Divorce in Psychosocial Perspective: Theory and Research

Divorce in Psychosocial Perspective: Theory and Research

Divorce in Psychosocial Perspective: Theory and Research

Divorce in Psychosocial Perspective: Theory and Research

Synopsis

Many books deal with divorce and its aftermath -- some deal with the impact of divorce on children and families, others with the legal or sociological aspects of divorce, and a few focus on divorced mothers and fathers. Most of these books are characterized by their practical orientation toward the issues and problems posed by divorce. None of these, however, have attempted to offer an integrated view of the massive amount of theoretical and research literature on divorced adults and their children. In addition, none present a comprehensive view of divorce as a psychological process within its larger social context.

Filling that void, this book:

• offers a comprehensive view of divorce as a social, interpersonal and psychological phenomenon,

• reviews the theory and research on divorce focusing on the major protagonists of the divorce drama: the mother, the father and the children, and

• introduces a social-psychological theory of divorce process.

Excerpt

There are many books that deal with divorce and its aftermath. Some deal with the single-parent family in general, others focus more specifically on the impact of divorce on children and mothers, and still others examine the legal and/or sociological aspects of divorce. The recent renaissance of interest in fatherhood has also triggered some publications that examine the father's role in the divorce drama. Many books on divorce are characterized by their practical orientation toward the issues and problems posed by divorce.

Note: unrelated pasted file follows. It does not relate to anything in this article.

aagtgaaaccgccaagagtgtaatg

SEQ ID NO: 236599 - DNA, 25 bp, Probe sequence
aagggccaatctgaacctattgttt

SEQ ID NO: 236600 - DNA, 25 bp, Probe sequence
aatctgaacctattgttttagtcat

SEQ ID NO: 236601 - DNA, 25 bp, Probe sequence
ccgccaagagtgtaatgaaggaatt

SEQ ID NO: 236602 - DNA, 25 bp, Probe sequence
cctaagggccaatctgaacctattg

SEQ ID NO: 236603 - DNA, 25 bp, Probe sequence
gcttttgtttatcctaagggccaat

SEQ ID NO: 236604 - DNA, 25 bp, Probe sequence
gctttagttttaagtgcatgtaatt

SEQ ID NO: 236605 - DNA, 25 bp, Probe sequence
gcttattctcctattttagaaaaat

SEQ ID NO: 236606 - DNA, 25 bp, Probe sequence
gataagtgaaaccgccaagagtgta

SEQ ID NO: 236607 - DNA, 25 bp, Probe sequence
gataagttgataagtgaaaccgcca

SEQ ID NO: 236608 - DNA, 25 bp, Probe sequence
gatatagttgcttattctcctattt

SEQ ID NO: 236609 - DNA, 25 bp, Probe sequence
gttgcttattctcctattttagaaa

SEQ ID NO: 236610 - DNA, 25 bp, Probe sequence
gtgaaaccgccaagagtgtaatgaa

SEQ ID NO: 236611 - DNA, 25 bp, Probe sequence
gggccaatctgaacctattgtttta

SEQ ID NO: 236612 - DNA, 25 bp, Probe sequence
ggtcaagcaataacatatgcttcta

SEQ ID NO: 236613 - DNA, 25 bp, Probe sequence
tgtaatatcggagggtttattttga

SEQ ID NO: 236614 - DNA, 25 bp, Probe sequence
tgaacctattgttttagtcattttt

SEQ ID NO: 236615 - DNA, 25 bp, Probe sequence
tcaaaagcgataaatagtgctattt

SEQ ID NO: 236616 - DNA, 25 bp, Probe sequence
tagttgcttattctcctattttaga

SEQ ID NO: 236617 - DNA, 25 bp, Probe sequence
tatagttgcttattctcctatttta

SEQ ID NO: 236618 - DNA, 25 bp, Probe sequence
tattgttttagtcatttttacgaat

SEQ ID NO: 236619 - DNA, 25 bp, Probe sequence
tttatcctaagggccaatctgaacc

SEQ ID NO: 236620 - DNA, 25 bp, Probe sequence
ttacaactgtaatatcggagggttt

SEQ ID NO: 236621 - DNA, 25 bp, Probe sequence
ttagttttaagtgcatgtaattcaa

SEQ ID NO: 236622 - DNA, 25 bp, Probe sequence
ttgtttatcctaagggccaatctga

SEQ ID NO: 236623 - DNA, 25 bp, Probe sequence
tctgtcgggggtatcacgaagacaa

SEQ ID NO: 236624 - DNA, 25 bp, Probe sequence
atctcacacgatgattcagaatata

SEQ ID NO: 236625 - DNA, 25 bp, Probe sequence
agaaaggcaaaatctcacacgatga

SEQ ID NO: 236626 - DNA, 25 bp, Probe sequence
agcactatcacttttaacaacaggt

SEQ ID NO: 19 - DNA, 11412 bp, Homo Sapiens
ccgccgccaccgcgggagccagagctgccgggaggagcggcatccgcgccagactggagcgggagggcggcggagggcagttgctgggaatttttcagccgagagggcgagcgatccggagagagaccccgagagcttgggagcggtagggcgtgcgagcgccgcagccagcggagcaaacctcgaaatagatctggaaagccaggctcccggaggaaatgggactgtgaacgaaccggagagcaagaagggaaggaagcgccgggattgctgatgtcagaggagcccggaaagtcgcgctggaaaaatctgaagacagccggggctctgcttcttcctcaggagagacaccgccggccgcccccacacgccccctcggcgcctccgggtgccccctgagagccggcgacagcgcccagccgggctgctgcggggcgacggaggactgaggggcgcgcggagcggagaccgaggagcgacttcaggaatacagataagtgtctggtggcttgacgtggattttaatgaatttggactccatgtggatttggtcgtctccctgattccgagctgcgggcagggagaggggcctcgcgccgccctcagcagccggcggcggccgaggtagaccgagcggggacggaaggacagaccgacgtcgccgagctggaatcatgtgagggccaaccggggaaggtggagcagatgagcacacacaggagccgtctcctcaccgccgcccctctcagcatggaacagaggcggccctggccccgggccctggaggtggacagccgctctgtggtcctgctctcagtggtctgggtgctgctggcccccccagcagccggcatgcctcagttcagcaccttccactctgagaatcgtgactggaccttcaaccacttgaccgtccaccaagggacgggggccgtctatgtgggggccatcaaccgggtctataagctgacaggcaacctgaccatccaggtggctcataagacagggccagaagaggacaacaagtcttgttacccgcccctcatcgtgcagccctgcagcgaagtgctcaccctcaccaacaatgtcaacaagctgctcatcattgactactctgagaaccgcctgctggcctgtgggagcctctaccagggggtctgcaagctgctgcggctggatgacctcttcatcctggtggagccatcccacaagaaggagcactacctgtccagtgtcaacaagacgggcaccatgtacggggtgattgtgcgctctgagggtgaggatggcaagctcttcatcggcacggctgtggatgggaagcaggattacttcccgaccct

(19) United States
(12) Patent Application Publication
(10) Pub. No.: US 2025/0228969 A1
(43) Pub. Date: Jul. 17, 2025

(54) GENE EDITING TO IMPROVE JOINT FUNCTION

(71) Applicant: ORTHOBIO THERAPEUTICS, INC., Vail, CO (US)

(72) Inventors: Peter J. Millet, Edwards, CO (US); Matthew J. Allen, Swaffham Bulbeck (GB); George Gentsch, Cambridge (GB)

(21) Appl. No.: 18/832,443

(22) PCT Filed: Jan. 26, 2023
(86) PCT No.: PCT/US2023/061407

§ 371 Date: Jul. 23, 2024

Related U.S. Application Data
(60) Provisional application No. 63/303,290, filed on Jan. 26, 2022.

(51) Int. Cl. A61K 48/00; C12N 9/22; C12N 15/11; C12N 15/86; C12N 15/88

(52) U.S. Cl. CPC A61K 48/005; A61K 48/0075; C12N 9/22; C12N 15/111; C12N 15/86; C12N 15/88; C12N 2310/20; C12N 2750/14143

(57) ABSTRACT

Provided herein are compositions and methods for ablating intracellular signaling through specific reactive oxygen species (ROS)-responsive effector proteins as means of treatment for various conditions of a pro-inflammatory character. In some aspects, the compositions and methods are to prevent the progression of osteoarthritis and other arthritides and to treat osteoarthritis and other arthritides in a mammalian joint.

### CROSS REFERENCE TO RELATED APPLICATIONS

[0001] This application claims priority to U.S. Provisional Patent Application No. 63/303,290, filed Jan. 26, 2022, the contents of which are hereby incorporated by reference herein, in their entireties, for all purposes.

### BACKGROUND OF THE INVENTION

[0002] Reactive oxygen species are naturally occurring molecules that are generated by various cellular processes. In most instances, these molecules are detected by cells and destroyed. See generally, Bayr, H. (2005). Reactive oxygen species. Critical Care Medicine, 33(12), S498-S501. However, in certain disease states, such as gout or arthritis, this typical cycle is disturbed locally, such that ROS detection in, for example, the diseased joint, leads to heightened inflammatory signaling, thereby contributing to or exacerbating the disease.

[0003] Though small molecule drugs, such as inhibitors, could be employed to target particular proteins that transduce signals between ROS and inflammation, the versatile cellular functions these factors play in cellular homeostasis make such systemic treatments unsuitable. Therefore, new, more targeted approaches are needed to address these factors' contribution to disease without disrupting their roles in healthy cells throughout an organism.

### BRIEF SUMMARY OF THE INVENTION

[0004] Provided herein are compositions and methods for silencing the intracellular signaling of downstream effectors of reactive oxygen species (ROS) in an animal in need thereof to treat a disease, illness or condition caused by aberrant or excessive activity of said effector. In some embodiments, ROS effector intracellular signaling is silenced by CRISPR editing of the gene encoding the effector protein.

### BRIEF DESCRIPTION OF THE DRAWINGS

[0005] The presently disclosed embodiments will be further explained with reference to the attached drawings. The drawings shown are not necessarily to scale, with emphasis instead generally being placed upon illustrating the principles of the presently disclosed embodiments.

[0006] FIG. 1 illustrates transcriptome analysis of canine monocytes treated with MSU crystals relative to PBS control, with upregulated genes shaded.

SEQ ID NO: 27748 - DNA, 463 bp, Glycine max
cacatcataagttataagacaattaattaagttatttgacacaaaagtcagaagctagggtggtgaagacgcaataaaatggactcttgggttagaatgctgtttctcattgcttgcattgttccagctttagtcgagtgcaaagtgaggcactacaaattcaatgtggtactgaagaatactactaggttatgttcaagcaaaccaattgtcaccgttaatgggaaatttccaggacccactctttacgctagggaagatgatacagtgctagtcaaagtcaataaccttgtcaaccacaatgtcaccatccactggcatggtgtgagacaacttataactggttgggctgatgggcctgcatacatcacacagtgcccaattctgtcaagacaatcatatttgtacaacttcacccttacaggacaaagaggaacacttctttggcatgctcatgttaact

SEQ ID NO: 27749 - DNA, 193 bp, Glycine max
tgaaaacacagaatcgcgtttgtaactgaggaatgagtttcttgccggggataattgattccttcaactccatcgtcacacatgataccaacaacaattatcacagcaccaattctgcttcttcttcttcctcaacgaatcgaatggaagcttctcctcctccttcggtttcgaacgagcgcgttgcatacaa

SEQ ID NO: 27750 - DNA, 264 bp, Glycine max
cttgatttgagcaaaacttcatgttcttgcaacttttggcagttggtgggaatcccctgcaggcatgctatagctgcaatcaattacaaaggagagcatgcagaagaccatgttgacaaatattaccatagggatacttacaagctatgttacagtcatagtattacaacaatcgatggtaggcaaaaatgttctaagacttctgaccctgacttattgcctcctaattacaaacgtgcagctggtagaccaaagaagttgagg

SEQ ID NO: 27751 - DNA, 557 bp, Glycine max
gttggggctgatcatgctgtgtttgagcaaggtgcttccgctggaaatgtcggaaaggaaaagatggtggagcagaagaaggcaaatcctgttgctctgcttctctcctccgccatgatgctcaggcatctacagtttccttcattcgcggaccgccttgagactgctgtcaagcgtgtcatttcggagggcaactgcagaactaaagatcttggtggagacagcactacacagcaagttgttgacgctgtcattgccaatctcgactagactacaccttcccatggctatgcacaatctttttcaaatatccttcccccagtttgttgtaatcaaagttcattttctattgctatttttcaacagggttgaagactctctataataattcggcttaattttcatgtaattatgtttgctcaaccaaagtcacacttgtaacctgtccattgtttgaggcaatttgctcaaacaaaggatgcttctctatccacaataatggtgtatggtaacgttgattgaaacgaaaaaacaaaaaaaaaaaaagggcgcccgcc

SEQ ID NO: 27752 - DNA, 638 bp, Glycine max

None, however, has attempted to offer an integrated view of the massive theoretical and research literature about divorced adults and their children. And none has presented a comprehensive analysis of divorce as a psychoxlogical process within the larger social context. This book intends to fill that void. The purpose of the present volume is threefold: (a) to offer a comprehensive view of divorce as a social, interpersonal, and psychological phenomenon; (b) to review the theory and research about divorce in that literature focuses on the major protagonists of the divorce drama: the mother, the father, and the children; and (c) to introduce a new psychosocial theory of the divorce process.

This book is intended primarily for people whose interest in the subject of divorce is academic and/or clinical. In academia, it may serve students of family dynamics, divorce, and family therapy. Researchers may find this volume useful as it presents a broad framework from which research questions may be deduced and in light of which research results can be explained. In the clinical field, the book may serve psychiatrists, psychol-

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